Chapter 8
Network Flow III  Applications
By
Sariel HarPeled
, October 15, 2007
±
Version: 0.1
8.1
Edge disjoint paths
8.1.1
Edgedisjoint paths in a directed graphs
Question 8.1.1
Given a graph
G
(either directed or undirected), two vertices s and t, and a pa
rameter k, the task is to compute k paths from s to t in
G
, such that they are
edge disjoint
; namely,
these paths do not share an edge.
To solve this problem, we will convert
G
(assume
G
is a directed graph for the time being)
into a network ﬂow graph
H
, such that every edge has capacity 1. Find the maximum ﬂow in
G
(between
s
and
t
). We claim that the value of the maximum ﬂow in the network
H
, is equal to the
number of edge disjoint paths in
G
.
Lemma 8.1.2
If there are k edge disjoint paths in
G
between s and t, then the maximum ﬂow in H
is at least k.
Proof:
Given
k
such edge disjoint paths, push one unit of ﬂow along each such path. The resulting
ﬂow is legal in
h
and it has value
k
.
Deﬁnition 8.1.3 (
0
/
1
ﬂow.)
A ﬂow
f
is
0
/
1
ﬂow
if every edge has either no ﬂow on it, or one unit
of ﬂow.
Lemma 8.1.4
Let f be a
0
/
1
ﬂow in a network H with ﬂow value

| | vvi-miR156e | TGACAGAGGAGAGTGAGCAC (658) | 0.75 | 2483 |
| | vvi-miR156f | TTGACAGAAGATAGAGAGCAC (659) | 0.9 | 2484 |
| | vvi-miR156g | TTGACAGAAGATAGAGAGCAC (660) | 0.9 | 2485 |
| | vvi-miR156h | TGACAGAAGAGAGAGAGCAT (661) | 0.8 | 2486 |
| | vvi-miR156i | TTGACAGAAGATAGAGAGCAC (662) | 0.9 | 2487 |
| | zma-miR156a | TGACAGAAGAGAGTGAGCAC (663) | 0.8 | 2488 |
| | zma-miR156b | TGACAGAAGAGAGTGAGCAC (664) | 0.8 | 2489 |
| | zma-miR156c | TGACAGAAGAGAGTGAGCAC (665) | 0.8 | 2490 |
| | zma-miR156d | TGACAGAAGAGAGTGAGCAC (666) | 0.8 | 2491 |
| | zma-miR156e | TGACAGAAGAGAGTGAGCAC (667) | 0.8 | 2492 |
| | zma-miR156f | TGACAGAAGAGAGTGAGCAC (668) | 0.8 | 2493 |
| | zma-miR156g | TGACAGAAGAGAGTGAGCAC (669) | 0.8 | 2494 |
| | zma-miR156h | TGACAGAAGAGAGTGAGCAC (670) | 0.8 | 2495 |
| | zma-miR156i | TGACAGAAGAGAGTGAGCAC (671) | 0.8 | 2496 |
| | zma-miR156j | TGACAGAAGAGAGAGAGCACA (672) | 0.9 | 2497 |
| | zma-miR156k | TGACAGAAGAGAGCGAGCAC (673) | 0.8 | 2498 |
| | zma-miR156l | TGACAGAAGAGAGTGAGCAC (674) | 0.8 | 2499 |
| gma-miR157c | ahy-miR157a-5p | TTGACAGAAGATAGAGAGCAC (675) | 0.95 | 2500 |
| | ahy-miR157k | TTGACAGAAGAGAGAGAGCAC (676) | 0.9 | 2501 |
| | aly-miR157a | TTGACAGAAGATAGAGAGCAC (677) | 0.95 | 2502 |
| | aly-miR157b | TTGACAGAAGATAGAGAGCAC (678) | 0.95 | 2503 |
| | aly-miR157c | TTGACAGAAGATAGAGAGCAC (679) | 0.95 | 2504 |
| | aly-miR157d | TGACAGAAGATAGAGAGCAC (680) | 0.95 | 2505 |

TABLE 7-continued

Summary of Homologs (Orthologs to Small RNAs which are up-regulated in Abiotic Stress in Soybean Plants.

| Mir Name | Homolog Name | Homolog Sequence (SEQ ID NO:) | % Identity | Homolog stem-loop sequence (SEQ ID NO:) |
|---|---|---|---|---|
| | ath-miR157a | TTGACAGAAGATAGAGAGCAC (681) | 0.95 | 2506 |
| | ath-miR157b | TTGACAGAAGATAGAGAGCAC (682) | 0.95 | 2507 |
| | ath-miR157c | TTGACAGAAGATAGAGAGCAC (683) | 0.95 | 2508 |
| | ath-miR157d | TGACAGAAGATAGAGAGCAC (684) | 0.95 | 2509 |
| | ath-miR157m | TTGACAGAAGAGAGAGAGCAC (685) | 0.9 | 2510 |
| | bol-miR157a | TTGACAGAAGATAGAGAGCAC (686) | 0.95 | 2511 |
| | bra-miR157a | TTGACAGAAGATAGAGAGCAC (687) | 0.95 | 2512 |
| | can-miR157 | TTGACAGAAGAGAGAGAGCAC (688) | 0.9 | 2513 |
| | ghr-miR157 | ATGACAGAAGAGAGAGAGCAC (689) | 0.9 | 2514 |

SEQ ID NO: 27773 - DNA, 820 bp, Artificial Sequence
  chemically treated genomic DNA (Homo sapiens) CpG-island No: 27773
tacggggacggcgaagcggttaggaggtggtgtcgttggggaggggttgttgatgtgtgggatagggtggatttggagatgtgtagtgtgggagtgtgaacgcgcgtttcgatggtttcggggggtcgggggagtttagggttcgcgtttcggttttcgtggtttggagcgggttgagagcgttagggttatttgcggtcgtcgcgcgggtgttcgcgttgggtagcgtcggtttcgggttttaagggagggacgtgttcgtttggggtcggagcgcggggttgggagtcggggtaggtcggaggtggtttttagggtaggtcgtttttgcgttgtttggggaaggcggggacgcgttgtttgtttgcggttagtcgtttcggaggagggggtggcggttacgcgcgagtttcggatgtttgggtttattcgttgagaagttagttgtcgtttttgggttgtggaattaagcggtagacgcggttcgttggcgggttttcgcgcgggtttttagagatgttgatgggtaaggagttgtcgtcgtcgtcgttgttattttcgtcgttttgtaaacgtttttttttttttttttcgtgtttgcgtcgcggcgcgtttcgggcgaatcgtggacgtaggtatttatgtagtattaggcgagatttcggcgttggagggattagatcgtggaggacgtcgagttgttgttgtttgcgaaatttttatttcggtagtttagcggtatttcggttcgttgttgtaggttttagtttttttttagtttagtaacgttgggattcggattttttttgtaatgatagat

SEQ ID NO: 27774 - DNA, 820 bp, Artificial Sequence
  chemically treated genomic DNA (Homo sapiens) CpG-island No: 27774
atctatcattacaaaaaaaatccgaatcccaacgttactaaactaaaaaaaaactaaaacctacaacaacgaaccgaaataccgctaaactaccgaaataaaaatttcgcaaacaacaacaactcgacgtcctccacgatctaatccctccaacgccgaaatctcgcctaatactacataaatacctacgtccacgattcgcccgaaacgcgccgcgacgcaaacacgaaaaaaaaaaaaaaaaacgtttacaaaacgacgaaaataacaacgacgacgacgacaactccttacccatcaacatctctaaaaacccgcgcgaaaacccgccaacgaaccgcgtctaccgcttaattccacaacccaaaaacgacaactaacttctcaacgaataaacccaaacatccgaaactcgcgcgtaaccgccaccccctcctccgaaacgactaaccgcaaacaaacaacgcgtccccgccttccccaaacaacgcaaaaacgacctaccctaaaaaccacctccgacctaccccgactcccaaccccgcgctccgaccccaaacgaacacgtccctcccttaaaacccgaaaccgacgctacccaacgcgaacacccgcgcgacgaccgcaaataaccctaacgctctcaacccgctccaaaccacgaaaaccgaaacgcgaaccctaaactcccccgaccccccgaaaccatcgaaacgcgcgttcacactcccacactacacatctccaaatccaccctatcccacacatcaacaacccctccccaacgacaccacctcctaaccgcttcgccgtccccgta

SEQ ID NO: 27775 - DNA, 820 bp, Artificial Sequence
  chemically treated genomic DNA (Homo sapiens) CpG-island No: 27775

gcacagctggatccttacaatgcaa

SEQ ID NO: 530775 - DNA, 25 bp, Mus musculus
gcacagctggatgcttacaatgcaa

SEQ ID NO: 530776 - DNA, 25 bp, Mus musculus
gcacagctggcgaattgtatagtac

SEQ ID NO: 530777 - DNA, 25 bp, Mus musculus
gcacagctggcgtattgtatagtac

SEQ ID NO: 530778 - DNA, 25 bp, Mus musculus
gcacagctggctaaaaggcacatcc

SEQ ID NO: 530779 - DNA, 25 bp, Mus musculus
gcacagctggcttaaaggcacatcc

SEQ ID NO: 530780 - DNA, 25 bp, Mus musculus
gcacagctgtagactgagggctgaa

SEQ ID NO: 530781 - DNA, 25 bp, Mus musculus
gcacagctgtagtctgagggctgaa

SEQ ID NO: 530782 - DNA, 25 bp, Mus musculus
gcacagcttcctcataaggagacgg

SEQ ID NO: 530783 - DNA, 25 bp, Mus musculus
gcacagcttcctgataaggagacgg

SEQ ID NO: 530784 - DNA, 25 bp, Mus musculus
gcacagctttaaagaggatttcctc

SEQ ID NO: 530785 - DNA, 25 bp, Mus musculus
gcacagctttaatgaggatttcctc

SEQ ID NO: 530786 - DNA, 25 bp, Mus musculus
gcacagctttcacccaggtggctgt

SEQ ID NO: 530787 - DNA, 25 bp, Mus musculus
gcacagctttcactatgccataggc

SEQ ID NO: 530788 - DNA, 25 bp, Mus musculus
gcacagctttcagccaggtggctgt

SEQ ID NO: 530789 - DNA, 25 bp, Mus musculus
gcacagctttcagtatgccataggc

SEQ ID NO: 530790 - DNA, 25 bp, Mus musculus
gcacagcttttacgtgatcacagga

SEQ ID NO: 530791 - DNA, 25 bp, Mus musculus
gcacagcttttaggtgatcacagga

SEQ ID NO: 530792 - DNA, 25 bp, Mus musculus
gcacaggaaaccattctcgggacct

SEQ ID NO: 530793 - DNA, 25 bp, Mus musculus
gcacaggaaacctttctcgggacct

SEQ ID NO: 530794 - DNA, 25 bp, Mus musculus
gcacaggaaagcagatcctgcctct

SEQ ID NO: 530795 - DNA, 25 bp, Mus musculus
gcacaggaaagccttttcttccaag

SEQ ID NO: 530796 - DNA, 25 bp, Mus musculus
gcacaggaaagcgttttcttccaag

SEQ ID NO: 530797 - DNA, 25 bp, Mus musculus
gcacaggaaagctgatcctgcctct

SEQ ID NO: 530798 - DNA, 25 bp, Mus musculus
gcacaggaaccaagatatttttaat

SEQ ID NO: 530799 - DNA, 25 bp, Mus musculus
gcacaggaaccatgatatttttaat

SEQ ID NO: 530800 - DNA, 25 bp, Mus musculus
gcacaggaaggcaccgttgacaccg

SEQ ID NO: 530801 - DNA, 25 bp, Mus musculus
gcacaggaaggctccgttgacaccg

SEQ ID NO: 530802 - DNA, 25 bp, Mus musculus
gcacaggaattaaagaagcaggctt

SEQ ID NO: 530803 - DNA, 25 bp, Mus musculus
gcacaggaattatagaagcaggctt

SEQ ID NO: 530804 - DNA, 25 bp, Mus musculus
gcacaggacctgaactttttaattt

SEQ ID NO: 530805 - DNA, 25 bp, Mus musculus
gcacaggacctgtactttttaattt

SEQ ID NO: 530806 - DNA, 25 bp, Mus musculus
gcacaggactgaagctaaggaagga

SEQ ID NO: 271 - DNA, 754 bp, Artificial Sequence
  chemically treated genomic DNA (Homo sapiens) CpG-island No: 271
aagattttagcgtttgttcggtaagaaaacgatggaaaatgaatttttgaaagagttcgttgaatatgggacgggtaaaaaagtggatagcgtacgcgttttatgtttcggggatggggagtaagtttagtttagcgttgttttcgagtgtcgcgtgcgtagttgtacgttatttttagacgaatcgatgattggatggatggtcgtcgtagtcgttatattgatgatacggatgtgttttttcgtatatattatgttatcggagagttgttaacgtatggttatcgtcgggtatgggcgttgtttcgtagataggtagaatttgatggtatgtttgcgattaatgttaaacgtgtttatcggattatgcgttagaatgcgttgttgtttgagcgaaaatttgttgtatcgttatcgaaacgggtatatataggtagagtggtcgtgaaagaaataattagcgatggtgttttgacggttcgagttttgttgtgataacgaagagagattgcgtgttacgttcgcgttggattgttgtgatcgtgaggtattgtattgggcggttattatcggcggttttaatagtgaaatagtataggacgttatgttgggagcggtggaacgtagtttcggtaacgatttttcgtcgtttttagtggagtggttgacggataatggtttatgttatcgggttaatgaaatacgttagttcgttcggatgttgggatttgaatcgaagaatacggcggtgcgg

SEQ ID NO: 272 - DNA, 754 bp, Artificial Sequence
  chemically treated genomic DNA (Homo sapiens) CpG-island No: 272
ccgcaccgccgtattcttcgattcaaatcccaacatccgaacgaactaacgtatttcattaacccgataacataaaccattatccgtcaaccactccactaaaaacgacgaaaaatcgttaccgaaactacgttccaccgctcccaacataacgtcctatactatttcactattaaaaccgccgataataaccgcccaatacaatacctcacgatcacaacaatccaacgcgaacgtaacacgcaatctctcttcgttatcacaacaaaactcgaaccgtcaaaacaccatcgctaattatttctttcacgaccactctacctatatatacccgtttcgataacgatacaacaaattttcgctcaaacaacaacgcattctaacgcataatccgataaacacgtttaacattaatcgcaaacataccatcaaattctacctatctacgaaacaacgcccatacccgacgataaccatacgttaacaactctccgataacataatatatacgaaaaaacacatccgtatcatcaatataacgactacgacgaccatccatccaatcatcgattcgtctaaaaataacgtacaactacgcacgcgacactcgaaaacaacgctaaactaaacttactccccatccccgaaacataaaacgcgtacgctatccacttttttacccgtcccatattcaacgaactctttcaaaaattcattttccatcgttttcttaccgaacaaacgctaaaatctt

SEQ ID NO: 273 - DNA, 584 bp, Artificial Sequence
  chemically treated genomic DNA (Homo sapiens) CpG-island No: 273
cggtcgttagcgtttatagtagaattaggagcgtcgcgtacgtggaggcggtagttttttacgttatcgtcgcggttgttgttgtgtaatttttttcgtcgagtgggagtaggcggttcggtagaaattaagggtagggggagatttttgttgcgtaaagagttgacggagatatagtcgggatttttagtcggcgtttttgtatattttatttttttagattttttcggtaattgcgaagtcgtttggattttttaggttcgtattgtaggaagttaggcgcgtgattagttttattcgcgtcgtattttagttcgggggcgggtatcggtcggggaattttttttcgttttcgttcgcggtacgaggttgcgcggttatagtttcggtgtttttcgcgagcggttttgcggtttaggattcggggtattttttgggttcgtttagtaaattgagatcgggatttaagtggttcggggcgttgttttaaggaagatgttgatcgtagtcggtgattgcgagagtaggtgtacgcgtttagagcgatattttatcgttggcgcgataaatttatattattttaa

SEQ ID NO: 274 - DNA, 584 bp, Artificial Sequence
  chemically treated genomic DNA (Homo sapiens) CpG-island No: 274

μ
. Then there are
μ
edge disjoint
paths between s and t in H.
Proof:
By induction on the number of edges in
H
that has one unit of ﬂow assigned to them by
f
. If
μ
=
0 then there is nothing to prove.
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View Full DocumentOtherwise, start traversing the graph
H
from
s
traveling only along edges with ﬂow 1 assigned
to them by
f
. We mark such an edge as used, and do not allow one to travel on such an edge again.
There are two possibilities:
(i) We reached the target vertex
t
. In this case, we take this path, add it to the set of output
paths, and reduce the ﬂow along the edges of the generated path
π
to 0. Let
H
0
be the resulting
ﬂow network and
f
0
the resulting ﬂow. We have

f
0

=
μ

1,
H
0
has less edges, and by induction,
it has
μ

1 edge disjoint paths in
H
0
between
s
and
t
. Together with
π
this forms
μ
such paths.
(ii) We visit a vertex
v
for the second time. In this case, our traversal contains a cycle
C
, of
edges in
H
that have ﬂow 1 on them. We set the ﬂow along the edges of
C
to 0 and use induction
on the remaining graph (since it has less edges with ﬂow 1 on them). The value of the ﬂow
f
did
not change by removing
C
, and as such it follows by induction that there are
μ
edge disjoint paths
between
s
and
t
in
H
.
Since the graph
G
is simple, there are at most
n
=

V
(
H
)

edges that leave
s
. As such, the
maximum ﬂow in
H
is
n
. Thus, applying the FordFulkerson algorithm, takes
O
(
mn
) time. The
extraction of the paths can also be done in linear time by applying the algorithm in the proof of
Lemma 8.1.4. As such, we get:
Theorem 8.1.5
Given a directed graph
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 Fall '08
 Viswanathan
 Algorithms, Shortest path problem, Flow network, Maximum flow problem, Maxflow mincut theorem, Network flow

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